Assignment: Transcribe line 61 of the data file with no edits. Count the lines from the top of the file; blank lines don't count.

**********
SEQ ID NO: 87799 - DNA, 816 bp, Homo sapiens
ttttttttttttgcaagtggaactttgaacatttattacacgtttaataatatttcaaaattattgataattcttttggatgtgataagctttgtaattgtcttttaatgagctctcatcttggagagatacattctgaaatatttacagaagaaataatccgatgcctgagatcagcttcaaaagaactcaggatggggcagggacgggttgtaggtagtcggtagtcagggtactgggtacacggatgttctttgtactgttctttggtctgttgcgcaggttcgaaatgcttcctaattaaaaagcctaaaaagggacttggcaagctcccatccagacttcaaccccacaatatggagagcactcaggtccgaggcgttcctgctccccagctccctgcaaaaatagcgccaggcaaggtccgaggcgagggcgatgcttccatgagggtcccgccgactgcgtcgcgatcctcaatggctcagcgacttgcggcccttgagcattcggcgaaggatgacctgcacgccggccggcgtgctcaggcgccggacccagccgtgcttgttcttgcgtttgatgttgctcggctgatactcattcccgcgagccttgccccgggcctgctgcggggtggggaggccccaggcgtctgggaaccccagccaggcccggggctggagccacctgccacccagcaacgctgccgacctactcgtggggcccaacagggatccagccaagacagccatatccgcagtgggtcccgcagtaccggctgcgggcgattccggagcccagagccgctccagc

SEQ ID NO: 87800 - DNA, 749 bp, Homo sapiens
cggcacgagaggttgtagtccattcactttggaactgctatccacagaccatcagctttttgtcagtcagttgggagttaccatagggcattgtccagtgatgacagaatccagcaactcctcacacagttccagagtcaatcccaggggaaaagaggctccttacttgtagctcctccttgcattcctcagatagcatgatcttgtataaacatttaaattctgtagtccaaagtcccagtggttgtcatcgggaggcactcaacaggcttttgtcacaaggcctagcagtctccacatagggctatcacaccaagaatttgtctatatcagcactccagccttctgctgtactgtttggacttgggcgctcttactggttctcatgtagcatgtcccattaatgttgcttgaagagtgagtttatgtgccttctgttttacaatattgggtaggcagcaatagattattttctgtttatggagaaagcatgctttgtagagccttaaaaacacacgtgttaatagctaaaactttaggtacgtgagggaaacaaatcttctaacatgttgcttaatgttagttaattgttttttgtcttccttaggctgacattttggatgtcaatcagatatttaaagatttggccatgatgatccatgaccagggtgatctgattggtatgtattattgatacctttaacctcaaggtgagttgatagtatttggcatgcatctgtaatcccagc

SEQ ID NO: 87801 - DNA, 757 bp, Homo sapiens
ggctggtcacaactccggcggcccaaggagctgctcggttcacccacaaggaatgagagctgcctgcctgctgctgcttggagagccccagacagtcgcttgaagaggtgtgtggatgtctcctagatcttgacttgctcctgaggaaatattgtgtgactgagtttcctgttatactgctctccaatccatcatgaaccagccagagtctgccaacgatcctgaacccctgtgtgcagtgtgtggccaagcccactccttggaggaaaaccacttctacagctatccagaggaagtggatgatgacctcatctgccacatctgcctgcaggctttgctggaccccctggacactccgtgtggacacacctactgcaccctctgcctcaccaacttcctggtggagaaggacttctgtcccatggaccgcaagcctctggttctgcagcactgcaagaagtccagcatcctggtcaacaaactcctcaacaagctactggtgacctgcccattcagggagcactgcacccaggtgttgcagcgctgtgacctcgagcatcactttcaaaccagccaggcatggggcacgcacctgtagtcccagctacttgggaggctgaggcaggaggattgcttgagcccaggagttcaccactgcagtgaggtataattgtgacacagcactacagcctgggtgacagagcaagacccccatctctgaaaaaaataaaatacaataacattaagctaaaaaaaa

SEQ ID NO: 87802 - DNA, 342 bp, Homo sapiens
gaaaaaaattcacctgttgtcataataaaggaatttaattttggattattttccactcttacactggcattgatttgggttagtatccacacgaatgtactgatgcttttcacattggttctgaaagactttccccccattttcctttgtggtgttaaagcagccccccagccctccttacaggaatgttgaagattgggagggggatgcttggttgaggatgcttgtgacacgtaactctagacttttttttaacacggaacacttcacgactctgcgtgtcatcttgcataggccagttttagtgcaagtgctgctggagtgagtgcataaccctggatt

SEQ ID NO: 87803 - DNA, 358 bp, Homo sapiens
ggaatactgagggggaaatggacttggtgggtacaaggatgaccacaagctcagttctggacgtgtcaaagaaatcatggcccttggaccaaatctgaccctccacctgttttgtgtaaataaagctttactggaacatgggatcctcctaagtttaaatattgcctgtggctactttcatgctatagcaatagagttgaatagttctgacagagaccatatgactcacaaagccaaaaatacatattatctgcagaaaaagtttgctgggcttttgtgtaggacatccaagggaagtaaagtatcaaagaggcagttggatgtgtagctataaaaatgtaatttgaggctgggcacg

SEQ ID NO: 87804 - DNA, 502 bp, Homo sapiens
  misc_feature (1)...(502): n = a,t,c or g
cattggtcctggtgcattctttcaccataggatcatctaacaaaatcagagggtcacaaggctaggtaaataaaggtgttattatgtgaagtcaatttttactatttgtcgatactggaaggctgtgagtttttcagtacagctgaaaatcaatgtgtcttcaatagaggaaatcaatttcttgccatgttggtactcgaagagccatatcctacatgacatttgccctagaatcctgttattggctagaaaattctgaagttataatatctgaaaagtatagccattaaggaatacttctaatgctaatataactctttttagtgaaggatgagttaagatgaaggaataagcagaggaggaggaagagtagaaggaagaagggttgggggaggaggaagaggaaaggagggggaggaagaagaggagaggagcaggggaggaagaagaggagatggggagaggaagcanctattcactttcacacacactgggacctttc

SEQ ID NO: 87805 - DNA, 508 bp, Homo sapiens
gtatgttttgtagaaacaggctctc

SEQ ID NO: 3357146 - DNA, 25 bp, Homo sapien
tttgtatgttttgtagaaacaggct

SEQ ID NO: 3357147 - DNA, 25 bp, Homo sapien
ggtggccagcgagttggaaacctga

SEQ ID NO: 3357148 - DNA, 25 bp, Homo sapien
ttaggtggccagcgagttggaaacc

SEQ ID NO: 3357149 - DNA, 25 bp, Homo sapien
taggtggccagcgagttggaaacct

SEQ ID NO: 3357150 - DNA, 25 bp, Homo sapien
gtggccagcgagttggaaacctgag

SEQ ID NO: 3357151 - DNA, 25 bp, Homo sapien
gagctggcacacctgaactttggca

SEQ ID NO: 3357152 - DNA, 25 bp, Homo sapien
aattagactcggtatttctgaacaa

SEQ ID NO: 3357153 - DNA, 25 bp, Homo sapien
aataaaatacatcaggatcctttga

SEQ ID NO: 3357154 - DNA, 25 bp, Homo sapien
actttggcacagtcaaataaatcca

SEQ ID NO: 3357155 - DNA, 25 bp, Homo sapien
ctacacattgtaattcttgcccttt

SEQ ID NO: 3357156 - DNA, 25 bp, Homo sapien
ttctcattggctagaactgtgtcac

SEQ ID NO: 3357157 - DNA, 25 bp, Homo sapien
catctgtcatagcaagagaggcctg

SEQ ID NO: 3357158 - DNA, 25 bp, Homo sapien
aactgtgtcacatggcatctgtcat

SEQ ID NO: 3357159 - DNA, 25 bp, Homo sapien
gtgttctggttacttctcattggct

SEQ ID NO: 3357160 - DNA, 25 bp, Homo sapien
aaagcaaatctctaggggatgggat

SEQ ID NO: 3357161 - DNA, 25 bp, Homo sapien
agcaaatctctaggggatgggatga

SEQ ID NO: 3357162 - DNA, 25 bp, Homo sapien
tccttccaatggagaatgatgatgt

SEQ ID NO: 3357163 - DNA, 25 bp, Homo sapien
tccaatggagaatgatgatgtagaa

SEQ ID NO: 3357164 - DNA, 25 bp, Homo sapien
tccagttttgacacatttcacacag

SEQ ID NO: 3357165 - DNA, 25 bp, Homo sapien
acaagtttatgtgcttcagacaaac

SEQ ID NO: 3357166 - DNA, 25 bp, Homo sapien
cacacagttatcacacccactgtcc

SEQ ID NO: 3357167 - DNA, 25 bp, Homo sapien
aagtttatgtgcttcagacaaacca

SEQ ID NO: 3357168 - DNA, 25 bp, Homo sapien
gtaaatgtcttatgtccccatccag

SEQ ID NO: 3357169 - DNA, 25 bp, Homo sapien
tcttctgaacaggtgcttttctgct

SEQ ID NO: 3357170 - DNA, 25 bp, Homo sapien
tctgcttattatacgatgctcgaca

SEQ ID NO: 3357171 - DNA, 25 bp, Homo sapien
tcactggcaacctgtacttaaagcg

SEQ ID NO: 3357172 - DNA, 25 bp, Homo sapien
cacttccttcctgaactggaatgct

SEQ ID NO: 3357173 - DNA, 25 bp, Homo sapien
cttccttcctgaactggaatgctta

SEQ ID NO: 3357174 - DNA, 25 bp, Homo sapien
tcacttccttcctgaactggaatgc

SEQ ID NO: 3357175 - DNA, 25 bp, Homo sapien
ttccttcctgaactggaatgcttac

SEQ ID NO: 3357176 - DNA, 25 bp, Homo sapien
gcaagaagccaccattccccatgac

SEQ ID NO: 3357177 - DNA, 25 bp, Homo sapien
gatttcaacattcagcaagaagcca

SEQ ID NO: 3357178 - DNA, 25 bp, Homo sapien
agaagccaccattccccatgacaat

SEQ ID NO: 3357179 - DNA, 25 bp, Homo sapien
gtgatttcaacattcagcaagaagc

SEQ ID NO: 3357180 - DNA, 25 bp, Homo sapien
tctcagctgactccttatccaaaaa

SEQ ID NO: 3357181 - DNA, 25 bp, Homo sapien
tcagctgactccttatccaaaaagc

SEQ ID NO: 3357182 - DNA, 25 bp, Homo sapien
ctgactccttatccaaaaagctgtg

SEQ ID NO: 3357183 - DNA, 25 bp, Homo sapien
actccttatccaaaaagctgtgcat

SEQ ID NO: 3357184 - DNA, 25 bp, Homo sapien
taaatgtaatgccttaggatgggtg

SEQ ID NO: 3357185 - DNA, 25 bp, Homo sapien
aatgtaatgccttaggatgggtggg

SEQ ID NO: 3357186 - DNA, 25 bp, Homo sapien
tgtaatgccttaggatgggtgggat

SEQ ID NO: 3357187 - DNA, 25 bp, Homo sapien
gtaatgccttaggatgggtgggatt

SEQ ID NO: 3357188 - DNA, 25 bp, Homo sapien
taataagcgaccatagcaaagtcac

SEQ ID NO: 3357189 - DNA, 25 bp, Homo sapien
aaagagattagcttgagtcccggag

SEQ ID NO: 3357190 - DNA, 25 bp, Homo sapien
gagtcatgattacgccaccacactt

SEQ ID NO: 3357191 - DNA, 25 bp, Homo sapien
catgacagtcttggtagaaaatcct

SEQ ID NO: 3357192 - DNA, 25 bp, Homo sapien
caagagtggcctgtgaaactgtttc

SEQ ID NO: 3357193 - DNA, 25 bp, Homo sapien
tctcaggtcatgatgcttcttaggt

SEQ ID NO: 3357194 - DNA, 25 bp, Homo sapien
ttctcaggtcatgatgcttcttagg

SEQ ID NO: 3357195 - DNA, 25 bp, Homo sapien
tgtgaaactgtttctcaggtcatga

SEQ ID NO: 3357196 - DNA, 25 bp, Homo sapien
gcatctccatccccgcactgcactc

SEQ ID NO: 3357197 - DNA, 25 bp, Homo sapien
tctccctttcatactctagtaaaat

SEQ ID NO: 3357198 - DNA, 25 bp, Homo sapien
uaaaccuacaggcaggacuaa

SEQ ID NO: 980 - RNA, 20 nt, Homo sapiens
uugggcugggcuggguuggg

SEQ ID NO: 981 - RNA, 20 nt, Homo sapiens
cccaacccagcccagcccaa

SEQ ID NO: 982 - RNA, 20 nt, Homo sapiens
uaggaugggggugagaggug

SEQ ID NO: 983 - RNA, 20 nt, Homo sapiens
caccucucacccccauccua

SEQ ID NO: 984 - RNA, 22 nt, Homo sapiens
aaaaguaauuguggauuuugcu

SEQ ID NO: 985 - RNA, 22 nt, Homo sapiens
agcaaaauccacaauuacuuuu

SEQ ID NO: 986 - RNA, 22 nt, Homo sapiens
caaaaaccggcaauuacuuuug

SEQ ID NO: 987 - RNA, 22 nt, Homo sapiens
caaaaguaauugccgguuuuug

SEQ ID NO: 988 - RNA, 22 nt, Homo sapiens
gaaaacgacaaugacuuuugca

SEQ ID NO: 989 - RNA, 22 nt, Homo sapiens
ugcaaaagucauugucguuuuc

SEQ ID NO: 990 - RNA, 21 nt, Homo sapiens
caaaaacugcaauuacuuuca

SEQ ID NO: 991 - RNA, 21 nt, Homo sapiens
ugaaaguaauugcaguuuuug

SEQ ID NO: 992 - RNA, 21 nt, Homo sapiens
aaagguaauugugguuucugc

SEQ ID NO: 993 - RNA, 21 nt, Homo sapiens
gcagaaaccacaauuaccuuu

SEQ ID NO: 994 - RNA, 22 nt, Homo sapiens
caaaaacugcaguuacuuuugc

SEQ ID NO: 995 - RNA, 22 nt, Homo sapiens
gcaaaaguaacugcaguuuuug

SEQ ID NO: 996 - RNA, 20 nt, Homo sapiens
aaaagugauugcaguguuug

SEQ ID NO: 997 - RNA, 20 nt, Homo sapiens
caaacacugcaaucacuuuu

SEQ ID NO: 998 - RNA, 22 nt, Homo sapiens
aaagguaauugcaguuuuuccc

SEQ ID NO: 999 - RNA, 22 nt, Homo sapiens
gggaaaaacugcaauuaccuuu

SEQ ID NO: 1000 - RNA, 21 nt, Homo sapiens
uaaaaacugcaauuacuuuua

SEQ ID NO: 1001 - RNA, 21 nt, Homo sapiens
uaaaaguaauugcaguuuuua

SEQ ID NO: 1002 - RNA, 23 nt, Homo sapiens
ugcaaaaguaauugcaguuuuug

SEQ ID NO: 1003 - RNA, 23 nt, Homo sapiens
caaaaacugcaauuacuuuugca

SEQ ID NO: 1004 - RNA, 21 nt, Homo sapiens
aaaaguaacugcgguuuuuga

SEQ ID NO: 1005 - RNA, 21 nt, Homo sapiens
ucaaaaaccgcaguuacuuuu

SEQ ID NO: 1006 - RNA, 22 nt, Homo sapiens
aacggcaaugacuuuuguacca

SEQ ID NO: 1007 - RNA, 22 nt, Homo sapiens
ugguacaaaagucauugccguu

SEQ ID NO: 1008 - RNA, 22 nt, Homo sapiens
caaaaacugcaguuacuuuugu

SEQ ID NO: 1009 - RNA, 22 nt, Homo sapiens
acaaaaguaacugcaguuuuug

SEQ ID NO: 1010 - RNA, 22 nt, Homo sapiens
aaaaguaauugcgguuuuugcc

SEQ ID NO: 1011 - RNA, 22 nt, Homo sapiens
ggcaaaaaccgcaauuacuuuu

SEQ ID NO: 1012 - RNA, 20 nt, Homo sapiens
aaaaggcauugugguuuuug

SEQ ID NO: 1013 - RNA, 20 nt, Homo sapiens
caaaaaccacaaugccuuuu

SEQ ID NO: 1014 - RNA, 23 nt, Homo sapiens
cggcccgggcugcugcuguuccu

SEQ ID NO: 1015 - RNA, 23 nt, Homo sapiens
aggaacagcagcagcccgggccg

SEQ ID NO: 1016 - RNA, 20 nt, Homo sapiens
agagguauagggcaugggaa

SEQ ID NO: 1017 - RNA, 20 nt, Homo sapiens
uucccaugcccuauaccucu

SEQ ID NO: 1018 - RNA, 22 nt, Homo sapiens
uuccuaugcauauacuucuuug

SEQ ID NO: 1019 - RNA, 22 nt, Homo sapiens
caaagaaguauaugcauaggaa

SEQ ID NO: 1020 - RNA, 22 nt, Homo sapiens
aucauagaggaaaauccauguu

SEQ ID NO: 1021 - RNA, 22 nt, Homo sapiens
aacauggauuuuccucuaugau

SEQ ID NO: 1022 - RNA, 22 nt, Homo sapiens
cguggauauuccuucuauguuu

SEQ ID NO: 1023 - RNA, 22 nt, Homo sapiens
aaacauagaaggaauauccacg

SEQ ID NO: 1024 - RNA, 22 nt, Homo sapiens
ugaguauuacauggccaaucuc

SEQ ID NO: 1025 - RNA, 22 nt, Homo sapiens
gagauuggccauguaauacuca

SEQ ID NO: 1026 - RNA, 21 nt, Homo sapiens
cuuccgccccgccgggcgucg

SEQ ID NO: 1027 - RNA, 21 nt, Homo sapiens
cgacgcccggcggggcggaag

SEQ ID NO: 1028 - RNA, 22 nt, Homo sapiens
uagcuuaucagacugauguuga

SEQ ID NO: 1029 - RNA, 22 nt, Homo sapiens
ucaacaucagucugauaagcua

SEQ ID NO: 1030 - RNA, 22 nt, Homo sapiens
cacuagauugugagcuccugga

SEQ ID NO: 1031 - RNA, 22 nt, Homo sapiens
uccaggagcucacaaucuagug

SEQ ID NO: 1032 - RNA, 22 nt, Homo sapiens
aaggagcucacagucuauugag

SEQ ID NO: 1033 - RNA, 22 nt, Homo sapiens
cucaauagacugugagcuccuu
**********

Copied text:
gtaaatgtcttatgtccccatccag